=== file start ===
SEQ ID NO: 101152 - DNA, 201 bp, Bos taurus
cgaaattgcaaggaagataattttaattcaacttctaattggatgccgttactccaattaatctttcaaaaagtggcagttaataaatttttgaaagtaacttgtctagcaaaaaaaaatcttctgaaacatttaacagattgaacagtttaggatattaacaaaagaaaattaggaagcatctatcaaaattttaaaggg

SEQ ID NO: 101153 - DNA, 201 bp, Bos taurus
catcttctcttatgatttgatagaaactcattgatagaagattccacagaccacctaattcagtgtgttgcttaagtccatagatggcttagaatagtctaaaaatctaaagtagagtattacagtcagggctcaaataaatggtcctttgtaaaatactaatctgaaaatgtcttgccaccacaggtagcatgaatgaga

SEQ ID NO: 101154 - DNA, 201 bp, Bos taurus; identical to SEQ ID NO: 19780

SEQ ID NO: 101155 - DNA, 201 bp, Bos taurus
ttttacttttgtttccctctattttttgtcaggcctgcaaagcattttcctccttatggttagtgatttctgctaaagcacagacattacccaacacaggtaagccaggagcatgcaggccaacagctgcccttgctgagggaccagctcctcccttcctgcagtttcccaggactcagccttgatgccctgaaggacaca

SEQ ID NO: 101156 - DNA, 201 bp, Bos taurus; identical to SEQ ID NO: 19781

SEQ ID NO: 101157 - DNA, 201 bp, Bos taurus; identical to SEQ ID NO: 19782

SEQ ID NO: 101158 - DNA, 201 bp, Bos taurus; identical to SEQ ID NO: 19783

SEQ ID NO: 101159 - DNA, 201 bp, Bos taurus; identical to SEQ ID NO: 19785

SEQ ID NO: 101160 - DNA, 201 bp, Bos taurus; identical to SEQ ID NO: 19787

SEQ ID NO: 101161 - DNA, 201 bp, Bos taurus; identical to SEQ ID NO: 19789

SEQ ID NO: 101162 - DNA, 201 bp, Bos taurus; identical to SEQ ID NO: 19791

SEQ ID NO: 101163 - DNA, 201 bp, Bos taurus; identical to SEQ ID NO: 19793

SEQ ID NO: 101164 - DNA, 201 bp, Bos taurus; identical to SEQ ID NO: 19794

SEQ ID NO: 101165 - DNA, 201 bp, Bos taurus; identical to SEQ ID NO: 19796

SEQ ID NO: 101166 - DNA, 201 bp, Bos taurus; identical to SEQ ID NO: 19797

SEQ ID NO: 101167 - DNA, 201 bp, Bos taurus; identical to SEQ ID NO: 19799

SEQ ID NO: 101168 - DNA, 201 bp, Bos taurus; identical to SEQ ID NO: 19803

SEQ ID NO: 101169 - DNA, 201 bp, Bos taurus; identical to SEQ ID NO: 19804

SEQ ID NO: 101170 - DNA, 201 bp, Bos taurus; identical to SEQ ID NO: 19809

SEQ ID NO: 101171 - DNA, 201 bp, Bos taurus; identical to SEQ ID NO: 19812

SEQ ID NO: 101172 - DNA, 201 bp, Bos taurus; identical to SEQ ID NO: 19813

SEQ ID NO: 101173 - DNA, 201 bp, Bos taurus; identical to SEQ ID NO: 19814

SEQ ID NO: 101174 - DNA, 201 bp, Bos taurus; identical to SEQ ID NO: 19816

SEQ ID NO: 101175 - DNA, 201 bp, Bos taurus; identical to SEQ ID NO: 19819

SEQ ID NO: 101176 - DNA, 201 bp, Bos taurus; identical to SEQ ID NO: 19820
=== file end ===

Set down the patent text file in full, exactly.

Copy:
SEQ ID NO: 101152 - DNA, 201 bp, Bos taurus
cgaaattgcaaggaagataattttaattcaacttctaattggatgccgttactccaattaatctttcaaaaagtggcagttaataaatttttgaaagtaacttgtctagcaaaaaaaaatcttctgaaacatttaacagattgaacagtttaggatattaacaaaagaaaattaggaagcatctatcaaaattttaaaggg

SEQ ID NO: 101153 - DNA, 201 bp, Bos taurus
catcttctcttatgatttgatagaaactcattgatagaagattccacagaccacctaattcagtgtgttgcttaagtccatagatggcttagaatagtctaaaaatctaaagtagagtattacagtcagggctcaaataaatggtcctttgtaaaatactaatctgaaaatgtcttgccaccacaggtagcatgaatgaga

SEQ ID NO: 101154 - DNA, 201 bp, Bos taurus; identical to SEQ ID NO: 19780

SEQ ID NO: 101155 - DNA, 201 bp, Bos taurus
ttttacttttgtttccctctattttttgtcaggcctgcaaagcattttcctccttatggttagtgatttctgctaaagcacagacattacccaacacaggtaagccaggagcatgcaggccaacagctgcccttgctgagggaccagctcctcccttcctgcagtttcccaggactcagccttgatgccctgaaggacaca

SEQ ID NO: 101156 - DNA, 201 bp, Bos taurus; identical to SEQ ID NO: 19781

SEQ ID NO: 101157 - DNA, 201 bp, Bos taurus; identical to SEQ ID NO: 19782

SEQ ID NO: 101158 - DNA, 201 bp, Bos taurus; identical to SEQ ID NO: 19783

SEQ ID NO: 101159 - DNA, 201 bp, Bos taurus; identical to SEQ ID NO: 19785

SEQ ID NO: 101160 - DNA, 201 bp, Bos taurus; identical to SEQ ID NO: 19787

SEQ ID NO: 101161 - DNA, 201 bp, Bos taurus; identical to SEQ ID NO: 19789

SEQ ID NO: 101162 - DNA, 201 bp, Bos taurus; identical to SEQ ID NO: 19791

SEQ ID NO: 101163 - DNA, 201 bp, Bos taurus; identical to SEQ ID NO: 19793

SEQ ID NO: 101164 - DNA, 201 bp, Bos taurus; identical to SEQ ID NO: 19794

SEQ ID NO: 101165 - DNA, 201 bp, Bos taurus; identical to SEQ ID NO: 19796

SEQ ID NO: 101166 - DNA, 201 bp, Bos taurus; identical to SEQ ID NO: 19797

SEQ ID NO: 101167 - DNA, 201 bp, Bos taurus; identical to SEQ ID NO: 19799

SEQ ID NO: 101168 - DNA, 201 bp, Bos taurus; identical to SEQ ID NO: 19803

SEQ ID NO: 101169 - DNA, 201 bp, Bos taurus; identical to SEQ ID NO: 19804

SEQ ID NO: 101170 - DNA, 201 bp, Bos taurus; identical to SEQ ID NO: 19809

SEQ ID NO: 101171 - DNA, 201 bp, Bos taurus; identical to SEQ ID NO: 19812

SEQ ID NO: 101172 - DNA, 201 bp, Bos taurus; identical to SEQ ID NO: 19813

SEQ ID NO: 101173 - DNA, 201 bp, Bos taurus; identical to SEQ ID NO: 19814

SEQ ID NO: 101174 - DNA, 201 bp, Bos taurus; identical to SEQ ID NO: 19816

SEQ ID NO: 101175 - DNA, 201 bp, Bos taurus; identical to SEQ ID NO: 19819

SEQ ID NO: 101176 - DNA, 201 bp, Bos taurus; identical to SEQ ID NO: 19820